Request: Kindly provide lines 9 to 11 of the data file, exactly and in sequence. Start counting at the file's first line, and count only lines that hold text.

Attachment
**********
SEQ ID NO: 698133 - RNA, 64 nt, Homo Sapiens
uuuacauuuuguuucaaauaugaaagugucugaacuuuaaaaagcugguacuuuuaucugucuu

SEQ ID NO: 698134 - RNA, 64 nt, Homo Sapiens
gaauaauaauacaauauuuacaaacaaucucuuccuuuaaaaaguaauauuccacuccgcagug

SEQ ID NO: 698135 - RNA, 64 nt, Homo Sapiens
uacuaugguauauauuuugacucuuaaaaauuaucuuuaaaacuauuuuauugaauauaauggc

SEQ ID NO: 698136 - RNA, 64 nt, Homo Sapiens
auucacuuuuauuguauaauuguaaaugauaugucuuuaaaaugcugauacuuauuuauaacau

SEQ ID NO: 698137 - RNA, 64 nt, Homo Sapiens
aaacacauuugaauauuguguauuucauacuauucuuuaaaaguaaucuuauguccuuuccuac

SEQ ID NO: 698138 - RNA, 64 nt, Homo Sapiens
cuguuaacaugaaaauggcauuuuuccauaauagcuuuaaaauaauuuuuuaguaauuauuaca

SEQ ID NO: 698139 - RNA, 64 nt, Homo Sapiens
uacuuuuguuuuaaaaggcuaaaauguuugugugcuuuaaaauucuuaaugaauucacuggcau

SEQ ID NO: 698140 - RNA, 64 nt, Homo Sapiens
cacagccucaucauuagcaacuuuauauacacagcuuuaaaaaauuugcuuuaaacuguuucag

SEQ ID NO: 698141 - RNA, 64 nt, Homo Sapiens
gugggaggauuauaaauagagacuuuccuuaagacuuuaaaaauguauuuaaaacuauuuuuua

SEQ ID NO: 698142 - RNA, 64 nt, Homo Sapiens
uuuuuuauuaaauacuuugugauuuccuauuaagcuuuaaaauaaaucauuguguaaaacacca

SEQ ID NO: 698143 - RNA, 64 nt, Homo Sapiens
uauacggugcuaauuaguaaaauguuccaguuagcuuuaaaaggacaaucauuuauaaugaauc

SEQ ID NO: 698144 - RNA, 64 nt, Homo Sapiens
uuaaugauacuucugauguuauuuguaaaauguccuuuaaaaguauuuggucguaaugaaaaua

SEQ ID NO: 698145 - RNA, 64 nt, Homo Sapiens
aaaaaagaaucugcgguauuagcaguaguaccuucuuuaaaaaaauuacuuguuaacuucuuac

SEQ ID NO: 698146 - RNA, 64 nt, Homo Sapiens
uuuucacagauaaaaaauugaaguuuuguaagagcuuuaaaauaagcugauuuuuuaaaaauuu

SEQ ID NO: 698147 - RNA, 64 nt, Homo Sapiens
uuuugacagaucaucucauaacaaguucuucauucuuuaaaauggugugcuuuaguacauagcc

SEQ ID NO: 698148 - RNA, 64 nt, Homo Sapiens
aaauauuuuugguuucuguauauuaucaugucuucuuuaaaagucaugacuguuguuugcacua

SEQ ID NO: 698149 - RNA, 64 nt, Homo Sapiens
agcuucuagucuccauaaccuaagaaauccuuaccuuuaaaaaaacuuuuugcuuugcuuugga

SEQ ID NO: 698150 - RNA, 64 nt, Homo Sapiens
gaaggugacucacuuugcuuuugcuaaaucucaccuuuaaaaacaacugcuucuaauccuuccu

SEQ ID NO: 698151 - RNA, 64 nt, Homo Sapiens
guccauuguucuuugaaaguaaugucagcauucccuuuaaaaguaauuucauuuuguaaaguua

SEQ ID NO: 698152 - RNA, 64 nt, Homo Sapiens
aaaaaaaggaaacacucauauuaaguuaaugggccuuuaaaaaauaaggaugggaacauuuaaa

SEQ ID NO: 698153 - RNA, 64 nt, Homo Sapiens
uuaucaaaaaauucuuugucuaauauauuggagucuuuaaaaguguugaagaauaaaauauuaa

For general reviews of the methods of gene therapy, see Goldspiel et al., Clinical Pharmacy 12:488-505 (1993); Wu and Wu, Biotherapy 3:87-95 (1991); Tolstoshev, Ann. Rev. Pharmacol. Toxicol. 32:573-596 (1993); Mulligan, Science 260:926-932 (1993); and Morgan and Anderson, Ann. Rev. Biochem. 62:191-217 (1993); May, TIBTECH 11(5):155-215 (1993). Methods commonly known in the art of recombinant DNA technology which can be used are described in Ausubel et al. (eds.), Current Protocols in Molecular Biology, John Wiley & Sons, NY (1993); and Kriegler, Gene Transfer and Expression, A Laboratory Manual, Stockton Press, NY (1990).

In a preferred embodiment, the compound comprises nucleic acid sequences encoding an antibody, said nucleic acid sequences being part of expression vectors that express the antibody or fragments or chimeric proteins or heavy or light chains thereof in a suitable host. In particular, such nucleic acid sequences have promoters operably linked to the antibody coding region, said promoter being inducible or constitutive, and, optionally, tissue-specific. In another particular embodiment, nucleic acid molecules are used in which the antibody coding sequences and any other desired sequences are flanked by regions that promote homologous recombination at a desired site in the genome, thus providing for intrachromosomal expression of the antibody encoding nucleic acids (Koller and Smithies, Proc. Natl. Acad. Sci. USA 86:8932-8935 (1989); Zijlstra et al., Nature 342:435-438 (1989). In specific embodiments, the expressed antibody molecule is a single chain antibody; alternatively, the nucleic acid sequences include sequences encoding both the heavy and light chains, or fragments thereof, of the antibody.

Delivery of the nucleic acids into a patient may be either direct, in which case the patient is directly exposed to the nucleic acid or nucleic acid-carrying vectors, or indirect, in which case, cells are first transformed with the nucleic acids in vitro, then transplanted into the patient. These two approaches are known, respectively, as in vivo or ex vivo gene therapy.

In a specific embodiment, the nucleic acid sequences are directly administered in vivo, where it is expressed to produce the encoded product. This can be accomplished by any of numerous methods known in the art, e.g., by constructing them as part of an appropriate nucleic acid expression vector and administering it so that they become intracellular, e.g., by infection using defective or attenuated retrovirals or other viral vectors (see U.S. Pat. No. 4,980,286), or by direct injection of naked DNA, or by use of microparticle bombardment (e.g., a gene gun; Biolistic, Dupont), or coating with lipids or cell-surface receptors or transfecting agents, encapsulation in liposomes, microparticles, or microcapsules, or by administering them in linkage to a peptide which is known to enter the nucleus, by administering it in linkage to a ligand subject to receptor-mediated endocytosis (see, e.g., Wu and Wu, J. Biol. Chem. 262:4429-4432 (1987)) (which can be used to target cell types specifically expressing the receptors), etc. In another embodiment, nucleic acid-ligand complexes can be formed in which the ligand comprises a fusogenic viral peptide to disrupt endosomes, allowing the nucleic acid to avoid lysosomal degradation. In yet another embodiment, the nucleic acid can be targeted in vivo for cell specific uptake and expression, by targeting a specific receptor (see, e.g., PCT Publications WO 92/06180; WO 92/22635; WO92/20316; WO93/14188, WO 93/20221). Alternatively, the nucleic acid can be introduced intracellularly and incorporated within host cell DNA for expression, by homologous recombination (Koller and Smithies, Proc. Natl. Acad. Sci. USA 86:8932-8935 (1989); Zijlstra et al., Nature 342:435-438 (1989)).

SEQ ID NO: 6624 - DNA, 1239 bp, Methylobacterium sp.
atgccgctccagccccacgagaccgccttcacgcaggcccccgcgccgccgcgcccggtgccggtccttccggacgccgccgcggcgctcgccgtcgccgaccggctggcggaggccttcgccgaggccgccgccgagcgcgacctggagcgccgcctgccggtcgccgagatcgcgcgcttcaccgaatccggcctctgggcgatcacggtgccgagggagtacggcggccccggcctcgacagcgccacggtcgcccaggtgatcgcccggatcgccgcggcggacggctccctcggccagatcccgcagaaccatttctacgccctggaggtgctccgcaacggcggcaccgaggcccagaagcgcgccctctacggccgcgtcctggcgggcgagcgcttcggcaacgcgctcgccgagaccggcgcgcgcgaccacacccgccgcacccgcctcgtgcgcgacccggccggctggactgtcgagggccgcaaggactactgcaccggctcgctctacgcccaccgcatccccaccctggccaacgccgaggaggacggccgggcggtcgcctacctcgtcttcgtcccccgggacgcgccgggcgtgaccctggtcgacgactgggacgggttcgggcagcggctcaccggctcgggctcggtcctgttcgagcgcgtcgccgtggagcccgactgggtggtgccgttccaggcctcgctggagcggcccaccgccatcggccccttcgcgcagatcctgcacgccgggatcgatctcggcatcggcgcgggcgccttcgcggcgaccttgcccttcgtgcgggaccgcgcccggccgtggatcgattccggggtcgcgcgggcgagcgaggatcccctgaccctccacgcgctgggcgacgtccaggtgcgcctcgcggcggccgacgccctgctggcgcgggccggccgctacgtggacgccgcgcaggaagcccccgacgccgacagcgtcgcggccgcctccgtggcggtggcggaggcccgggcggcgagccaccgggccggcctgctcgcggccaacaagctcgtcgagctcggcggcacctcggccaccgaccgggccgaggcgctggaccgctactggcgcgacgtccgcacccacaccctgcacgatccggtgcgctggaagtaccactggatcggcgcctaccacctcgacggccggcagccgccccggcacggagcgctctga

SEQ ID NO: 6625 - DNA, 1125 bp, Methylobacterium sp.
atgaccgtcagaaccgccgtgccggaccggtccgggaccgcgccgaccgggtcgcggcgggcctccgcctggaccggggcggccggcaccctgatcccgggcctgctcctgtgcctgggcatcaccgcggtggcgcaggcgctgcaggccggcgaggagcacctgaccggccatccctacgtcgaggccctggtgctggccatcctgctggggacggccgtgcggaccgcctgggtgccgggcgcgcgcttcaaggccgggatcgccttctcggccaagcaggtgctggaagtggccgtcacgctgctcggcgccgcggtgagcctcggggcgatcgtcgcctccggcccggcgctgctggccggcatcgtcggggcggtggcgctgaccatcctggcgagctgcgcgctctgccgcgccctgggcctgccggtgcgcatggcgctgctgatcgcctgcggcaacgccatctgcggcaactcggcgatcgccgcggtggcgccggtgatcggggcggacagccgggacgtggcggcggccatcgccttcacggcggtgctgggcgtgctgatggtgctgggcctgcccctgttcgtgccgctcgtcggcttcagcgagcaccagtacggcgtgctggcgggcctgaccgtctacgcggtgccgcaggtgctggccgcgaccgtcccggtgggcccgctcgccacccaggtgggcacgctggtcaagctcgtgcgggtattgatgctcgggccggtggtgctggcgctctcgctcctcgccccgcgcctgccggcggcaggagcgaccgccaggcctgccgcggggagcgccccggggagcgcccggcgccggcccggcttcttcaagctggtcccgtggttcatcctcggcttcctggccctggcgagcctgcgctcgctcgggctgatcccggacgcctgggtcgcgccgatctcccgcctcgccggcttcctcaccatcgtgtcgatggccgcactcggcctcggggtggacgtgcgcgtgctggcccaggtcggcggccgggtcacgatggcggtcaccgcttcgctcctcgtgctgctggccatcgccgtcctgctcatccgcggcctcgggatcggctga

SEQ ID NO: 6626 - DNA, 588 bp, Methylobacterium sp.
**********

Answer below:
SEQ ID NO: 698137 - RNA, 64 nt, Homo Sapiens
aaacacauuugaauauuguguauuucauacuauucuuuaaaaguaaucuuauguccuuuccuac

SEQ ID NO: 698138 - RNA, 64 nt, Homo Sapiens